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Auhaus creates a family home in Brighton with American tulipwood

Auhaus creates a family home in Brighton with American tulipwood

Auhaus were introduced to thermally-modified American tulipwood by Melbourne based importer Richard Bugg from American Hardwoods.

When they first embarked on their Brighton House project, Ben Stibbard and Kate Fitzpatrick, Principals of Melbourne based architecture practice Auhaus, say they became “preoccupied with creating a house that felt open on a constrained pocket site”. The 500 square meter corner plot in this affluent coastal suburb can only be described as an ‘odd shape’ and the challenge set by the owner/developer was to create a private space.

“We wanted to create a sense of entry and keep the light in the site but also didn’t want a fishbowl, the sense of privacy was also important,” says Fitzpatrick. “We came up with a concept which enabled the structure to hug the boundary but feels surrounded by green and has some protected spaces”.

The solution allows views from the front to the back of the house creating a generous feel and flow that gives the illusion of a far bigger space. The widened entry creates an impact that is enhanced by the unique exterior finish. The owner requested a strong façade to the house and Auhaus were keen to avoid the ‘typical Brighton House’ of neutral render and glass.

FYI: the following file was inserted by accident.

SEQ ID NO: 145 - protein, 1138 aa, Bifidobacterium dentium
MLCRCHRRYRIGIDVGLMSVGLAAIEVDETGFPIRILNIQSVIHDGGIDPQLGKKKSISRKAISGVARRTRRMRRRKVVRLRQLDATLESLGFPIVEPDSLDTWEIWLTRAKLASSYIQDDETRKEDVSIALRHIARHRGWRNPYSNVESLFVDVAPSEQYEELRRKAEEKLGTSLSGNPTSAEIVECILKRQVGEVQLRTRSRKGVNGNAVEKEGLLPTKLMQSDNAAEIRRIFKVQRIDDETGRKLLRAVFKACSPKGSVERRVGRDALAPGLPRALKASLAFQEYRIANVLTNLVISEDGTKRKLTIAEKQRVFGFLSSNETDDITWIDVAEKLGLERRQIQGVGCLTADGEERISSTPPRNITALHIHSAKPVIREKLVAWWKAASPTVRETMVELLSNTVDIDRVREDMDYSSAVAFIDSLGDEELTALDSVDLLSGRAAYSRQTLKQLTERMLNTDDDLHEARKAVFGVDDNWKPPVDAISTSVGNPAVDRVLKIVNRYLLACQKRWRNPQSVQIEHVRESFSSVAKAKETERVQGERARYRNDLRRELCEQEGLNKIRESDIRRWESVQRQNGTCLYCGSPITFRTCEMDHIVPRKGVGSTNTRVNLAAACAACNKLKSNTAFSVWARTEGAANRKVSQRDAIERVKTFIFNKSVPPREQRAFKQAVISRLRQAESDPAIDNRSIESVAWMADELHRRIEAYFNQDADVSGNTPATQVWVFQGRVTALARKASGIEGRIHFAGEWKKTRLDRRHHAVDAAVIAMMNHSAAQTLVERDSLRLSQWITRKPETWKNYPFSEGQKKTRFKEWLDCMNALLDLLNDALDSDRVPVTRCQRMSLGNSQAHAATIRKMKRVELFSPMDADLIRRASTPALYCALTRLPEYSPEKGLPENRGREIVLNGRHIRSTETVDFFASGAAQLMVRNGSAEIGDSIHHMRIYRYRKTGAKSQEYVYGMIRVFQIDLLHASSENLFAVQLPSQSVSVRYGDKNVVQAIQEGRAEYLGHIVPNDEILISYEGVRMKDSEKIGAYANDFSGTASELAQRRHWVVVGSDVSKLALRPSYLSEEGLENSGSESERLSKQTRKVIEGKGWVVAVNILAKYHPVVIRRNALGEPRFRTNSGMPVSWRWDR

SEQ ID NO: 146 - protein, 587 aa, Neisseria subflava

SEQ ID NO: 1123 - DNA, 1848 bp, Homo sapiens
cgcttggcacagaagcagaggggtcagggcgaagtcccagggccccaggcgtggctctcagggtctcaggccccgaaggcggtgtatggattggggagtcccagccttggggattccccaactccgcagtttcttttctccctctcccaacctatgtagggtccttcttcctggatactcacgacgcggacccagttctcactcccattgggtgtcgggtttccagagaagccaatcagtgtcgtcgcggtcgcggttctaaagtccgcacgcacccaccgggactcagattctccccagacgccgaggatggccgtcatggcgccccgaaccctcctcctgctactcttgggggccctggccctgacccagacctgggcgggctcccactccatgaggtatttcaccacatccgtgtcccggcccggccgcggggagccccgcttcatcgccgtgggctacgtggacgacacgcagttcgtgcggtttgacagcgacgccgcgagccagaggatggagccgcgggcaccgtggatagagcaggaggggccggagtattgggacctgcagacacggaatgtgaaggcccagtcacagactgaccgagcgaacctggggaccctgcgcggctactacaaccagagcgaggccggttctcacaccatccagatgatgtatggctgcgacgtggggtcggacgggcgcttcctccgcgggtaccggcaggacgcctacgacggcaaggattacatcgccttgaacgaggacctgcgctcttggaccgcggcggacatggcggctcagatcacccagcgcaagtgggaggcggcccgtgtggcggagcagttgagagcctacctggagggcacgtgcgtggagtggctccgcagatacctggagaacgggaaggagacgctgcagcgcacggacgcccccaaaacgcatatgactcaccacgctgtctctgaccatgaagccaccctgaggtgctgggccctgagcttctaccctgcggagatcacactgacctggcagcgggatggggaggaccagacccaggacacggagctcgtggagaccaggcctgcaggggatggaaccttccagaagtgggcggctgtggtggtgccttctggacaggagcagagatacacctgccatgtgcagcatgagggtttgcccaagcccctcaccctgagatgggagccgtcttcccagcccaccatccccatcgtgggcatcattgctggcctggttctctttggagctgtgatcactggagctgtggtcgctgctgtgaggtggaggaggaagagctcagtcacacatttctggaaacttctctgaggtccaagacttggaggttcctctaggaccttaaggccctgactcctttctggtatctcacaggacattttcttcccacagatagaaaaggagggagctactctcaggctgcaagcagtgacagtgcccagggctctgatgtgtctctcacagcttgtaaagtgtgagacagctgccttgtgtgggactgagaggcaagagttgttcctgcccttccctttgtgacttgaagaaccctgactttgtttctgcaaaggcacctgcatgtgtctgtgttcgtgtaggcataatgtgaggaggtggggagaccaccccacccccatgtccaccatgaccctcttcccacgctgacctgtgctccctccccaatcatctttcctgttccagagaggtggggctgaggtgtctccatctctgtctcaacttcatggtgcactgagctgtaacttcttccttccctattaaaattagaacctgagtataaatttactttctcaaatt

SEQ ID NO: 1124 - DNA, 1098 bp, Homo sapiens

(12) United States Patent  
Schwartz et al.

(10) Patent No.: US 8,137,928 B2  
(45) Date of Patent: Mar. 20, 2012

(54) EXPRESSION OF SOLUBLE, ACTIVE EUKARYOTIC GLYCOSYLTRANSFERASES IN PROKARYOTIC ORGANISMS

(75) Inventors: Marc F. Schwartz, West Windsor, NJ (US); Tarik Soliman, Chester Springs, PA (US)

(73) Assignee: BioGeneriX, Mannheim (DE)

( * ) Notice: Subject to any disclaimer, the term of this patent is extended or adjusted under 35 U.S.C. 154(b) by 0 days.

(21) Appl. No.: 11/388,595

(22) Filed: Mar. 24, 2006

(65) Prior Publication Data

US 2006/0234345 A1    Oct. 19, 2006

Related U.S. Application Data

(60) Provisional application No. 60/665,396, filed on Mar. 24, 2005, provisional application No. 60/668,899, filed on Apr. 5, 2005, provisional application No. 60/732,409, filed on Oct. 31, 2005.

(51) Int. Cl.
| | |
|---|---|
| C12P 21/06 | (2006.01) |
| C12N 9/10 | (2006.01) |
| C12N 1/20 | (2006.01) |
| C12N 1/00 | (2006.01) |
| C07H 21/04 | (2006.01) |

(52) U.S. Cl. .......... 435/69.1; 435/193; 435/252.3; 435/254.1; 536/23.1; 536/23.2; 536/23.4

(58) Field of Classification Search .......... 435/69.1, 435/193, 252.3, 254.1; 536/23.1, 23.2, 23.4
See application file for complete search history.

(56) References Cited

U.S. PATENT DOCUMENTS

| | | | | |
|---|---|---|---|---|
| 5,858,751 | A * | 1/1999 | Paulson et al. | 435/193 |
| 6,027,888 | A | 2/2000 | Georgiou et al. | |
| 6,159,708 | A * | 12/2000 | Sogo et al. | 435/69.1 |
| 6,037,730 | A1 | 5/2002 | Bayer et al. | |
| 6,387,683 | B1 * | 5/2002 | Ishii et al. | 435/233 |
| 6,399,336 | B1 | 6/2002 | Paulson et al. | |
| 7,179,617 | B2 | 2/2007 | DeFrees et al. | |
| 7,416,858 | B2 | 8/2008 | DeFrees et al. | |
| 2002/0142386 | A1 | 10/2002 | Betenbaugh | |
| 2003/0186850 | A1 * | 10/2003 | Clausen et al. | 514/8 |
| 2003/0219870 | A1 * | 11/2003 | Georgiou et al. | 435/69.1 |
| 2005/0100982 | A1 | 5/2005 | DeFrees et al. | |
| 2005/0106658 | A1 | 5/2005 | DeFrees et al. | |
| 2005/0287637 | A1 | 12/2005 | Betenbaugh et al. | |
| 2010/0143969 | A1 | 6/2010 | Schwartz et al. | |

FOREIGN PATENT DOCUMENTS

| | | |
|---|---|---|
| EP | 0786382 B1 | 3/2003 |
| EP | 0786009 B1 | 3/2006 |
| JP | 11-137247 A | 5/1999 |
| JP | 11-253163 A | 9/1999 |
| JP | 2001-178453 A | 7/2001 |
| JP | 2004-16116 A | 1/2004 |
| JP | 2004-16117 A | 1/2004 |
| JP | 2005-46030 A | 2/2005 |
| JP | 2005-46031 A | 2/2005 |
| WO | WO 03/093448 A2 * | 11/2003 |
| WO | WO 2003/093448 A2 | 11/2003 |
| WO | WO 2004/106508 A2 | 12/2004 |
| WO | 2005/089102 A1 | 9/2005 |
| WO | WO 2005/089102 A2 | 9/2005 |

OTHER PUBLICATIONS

“We considered how to draw attention to the form of the building and ensure it presented strongly from the street to further enhance the entry experience,” says Stibbard. “We have used black exterior finishes in projects before and knew that it would provide impact and reduce the structure to a single form.”

The team liked the aesthetic of a stained timber exterior to contrast with, and highlight, the planned verdant green landscaping for the property. Timber cladding of course can be challenging to maintain, not least in Australian coastal environments such as this. Thermally treated timbers were considered given their resistance to the elements and minimal maintenance requirements.

Auhaus were introduced to thermally-modified American tulipwood by Melbourne based importer Richard Bugg from American Hardwoods. Not only was this an option that was cost-effective, it was also lightweight, which made it ideal for the expanse of cladding required.

“We did plenty of testing to get the richness of color. We used Quantam Aqua Stain which is an oil-based stain. I’ve used this in black before so had confidence it would work,” Stibbard says of the finish.

Commenting on the increased recognition and popularity of American tulipwood in Australia, Roderick Wiles, AHEC Regional Director said: “Until now we have only seen one other instance of it being used externally in Australia and that was thermally-modified, but with a natural finish. What Auhaus have achieved here is truly impressive, both in terms of creative use of a readily available timber but more importantly in realizing such a stunning design.”

“We’re very excited to see how the timber has performed over time in the Australian climate, but recent images suggest that it is maintaining its appearance well,” concluded Wiles.

Thermal modification of some select U.S. hardwood species allows for interior furniture, flooring and joinery hardwoods to be used in exterior applications, where durability and dimensional stability is paramount. This can offer a viable sustainable option for a range of uses, hitherto inaccessible to temperate American hardwoods. While only fairly recently available, they are now being recognized for their aesthetics and performance and are being specified worldwide in outdoor furniture, decking and cladding.

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